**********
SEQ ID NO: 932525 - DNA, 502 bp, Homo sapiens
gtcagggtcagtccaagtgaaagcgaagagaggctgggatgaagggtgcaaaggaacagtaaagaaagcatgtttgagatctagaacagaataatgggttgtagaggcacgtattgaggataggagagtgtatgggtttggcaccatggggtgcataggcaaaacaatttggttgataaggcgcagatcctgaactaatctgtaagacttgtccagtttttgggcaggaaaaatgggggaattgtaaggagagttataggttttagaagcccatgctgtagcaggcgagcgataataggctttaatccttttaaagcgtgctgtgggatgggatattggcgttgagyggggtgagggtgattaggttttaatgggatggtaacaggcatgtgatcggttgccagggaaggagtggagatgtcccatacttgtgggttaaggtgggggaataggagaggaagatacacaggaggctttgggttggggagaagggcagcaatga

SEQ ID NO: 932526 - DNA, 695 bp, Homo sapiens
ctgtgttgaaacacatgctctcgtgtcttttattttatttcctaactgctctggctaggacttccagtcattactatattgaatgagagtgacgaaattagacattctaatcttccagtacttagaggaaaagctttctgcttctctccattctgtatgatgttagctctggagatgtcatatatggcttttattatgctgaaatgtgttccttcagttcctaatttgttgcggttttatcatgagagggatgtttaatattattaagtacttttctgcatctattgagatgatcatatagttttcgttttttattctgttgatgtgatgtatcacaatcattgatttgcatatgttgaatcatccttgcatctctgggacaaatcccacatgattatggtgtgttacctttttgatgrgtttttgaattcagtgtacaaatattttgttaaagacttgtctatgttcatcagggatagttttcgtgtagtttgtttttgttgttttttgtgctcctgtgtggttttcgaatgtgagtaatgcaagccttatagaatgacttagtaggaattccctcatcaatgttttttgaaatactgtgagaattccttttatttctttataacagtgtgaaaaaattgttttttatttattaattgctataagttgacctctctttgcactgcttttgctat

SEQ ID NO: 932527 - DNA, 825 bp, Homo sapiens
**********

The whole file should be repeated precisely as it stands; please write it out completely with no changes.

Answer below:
SEQ ID NO: 932525 - DNA, 502 bp, Homo sapiens
gtcagggtcagtccaagtgaaagcgaagagaggctgggatgaagggtgcaaaggaacagtaaagaaagcatgtttgagatctagaacagaataatgggttgtagaggcacgtattgaggataggagagtgtatgggtttggcaccatggggtgcataggcaaaacaatttggttgataaggcgcagatcctgaactaatctgtaagacttgtccagtttttgggcaggaaaaatgggggaattgtaaggagagttataggttttagaagcccatgctgtagcaggcgagcgataataggctttaatccttttaaagcgtgctgtgggatgggatattggcgttgagyggggtgagggtgattaggttttaatgggatggtaacaggcatgtgatcggttgccagggaaggagtggagatgtcccatacttgtgggttaaggtgggggaataggagaggaagatacacaggaggctttgggttggggagaagggcagcaatga

SEQ ID NO: 932526 - DNA, 695 bp, Homo sapiens
ctgtgttgaaacacatgctctcgtgtcttttattttatttcctaactgctctggctaggacttccagtcattactatattgaatgagagtgacgaaattagacattctaatcttccagtacttagaggaaaagctttctgcttctctccattctgtatgatgttagctctggagatgtcatatatggcttttattatgctgaaatgtgttccttcagttcctaatttgttgcggttttatcatgagagggatgtttaatattattaagtacttttctgcatctattgagatgatcatatagttttcgttttttattctgttgatgtgatgtatcacaatcattgatttgcatatgttgaatcatccttgcatctctgggacaaatcccacatgattatggtgtgttacctttttgatgrgtttttgaattcagtgtacaaatattttgttaaagacttgtctatgttcatcagggatagttttcgtgtagtttgtttttgttgttttttgtgctcctgtgtggttttcgaatgtgagtaatgcaagccttatagaatgacttagtaggaattccctcatcaatgttttttgaaatactgtgagaattccttttatttctttataacagtgtgaaaaaattgttttttatttattaattgctataagttgacctctctttgcactgcttttgctat

SEQ ID NO: 932527 - DNA, 825 bp, Homo sapiens